Friday, December 4, 2009

Since we are getting ourselves ready to leave for Durban, South Africa tonight, my travel photography juices are flowing. Here is one of my favorites of all so far...

The Photograph

The Story

Wandering around the Forbidden City, overwhelmed, somehow finding the far side, where the Temple of Heaven looms, reaching to join earth to sky. Jostling people from the wide-world over lining up to take the exact same picture everyone else just took....and here's something unexpected: Chinese people in what look like traditional dress, but playing tourist. I don't know why that should be so arresting to me, but they pulled my attention more than anything else that day. A cluster of perhaps 20 women and men all dressed in the same traditional clothing. The women in bright blue tops, black skirts, and pink accents; dainty caps on their heads topping impossibly long dark braids. In the distance, clustered to themselves, their menfolk complement their dress in black pants, dark brown fur jackets and matching round fur hats. I asked our guide, and anyone around who looked like they might know, but no one could tell me much about them except that they were most likely from a tribal part of far western China, and Muslim because of the women's modest head coverings.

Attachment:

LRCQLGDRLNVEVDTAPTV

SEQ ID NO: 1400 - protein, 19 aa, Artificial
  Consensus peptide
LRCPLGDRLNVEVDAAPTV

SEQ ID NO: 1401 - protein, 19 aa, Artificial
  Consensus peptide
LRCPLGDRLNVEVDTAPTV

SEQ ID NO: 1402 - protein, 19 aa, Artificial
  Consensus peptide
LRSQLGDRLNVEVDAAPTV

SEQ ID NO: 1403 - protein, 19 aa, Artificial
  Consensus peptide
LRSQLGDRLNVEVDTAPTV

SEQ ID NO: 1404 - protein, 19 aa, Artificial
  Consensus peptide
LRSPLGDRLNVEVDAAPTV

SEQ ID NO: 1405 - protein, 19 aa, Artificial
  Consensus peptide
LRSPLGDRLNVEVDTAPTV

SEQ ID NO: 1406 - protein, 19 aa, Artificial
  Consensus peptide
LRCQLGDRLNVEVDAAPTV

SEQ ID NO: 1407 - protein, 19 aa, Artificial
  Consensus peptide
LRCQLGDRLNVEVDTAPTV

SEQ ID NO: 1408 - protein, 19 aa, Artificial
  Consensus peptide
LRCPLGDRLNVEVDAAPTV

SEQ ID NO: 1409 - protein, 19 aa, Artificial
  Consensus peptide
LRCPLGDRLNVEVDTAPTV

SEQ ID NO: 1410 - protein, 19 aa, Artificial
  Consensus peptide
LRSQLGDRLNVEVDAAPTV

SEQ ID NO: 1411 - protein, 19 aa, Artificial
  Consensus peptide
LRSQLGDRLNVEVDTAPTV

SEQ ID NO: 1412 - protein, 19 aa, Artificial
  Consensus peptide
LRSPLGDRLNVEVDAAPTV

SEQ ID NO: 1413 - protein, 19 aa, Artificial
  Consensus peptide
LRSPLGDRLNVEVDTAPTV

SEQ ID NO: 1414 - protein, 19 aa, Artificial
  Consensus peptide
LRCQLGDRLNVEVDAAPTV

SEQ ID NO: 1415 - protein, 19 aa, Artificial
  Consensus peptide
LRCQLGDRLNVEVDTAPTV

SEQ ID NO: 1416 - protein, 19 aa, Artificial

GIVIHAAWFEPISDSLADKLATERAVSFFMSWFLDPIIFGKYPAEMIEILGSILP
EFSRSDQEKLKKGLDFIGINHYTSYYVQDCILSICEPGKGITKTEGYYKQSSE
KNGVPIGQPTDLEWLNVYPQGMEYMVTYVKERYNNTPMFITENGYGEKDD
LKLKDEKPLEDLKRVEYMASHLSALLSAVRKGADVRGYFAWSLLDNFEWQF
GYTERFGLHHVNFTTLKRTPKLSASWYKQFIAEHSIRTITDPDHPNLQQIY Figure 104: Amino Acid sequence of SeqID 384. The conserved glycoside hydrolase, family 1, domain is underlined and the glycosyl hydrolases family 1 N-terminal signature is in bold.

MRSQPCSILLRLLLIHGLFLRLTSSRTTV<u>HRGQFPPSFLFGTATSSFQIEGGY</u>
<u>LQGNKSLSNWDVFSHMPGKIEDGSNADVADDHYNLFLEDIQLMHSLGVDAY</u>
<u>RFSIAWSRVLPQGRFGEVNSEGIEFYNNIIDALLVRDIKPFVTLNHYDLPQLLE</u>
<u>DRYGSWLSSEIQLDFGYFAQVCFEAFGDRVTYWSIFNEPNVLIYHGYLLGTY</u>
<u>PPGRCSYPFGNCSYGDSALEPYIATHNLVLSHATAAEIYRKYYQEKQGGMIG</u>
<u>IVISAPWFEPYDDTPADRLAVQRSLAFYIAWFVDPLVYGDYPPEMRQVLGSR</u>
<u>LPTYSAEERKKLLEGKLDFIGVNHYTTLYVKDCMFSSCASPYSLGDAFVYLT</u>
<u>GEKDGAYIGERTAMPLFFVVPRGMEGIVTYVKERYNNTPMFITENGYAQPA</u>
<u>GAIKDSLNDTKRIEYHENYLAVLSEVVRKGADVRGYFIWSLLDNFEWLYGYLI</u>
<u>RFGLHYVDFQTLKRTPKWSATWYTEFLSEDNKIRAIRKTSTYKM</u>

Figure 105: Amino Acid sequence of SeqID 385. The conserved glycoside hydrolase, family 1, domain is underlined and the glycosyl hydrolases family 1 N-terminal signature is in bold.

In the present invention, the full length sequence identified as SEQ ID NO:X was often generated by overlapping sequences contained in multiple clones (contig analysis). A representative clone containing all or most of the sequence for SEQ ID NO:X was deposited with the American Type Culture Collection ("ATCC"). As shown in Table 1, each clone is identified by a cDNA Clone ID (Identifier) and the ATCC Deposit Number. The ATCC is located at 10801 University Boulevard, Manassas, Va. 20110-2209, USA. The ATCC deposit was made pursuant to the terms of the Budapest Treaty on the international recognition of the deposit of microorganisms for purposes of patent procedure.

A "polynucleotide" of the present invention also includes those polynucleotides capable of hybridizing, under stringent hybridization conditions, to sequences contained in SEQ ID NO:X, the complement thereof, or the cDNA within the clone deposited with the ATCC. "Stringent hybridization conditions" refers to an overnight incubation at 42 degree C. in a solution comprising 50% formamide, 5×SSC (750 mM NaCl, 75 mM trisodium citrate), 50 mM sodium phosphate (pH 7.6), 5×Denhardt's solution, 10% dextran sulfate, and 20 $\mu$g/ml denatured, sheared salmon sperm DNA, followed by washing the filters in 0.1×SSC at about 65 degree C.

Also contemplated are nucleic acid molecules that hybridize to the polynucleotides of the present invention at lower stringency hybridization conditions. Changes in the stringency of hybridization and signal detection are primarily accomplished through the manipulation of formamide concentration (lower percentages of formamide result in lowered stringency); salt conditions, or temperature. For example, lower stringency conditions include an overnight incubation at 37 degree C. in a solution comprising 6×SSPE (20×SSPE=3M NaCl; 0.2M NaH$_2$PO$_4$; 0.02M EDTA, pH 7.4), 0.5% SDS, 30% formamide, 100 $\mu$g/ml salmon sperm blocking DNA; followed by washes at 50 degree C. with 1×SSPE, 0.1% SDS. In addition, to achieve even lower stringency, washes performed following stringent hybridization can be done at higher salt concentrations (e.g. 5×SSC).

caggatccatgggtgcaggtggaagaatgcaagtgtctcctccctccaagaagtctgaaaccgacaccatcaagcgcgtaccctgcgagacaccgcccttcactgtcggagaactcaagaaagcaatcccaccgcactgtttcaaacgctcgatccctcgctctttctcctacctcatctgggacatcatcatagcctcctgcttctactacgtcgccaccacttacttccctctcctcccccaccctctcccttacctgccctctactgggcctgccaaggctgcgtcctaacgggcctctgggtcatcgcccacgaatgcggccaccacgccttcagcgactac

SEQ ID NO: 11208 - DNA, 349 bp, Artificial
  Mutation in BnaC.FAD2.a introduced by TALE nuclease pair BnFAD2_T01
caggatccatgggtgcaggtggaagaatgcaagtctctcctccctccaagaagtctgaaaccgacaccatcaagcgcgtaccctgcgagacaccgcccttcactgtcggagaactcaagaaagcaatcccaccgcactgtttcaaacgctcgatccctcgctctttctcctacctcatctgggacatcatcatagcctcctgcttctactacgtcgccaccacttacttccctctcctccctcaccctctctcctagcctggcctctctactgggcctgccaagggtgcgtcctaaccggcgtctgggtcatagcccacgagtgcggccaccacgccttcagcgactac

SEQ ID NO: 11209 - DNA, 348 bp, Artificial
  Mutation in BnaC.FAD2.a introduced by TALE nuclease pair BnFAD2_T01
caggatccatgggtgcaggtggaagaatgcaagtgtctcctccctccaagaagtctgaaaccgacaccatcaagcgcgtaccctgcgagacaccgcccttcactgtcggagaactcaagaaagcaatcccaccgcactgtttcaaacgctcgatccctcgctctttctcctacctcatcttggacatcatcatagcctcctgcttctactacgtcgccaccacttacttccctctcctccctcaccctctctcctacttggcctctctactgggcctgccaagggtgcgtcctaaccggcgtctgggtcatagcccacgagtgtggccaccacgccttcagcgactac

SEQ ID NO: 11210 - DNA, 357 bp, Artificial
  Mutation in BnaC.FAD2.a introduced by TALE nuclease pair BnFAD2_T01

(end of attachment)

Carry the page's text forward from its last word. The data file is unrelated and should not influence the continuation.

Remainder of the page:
I made eye contact with one of the women, smiled. Her face remained neutral, but attentive as I held up my camera, mimicking taking a picture of her while I asked her permission, sure that she wouldn't understand my words. Sudden understanding lit up her face, and with a huge smile, she turned and walked away. I stood a moment longer unsure if I had offended her so that she left, or if I was to follow her. But she only walked a little ways off to take the hands of two other women (I called them sisters) and leading them with her, she returned to smile in the center of my photograph. I smiled back and thanked her. We both said things the other didn't comprehend. But there was understanding between us, and happiness shared in reaching out to know the unknown.

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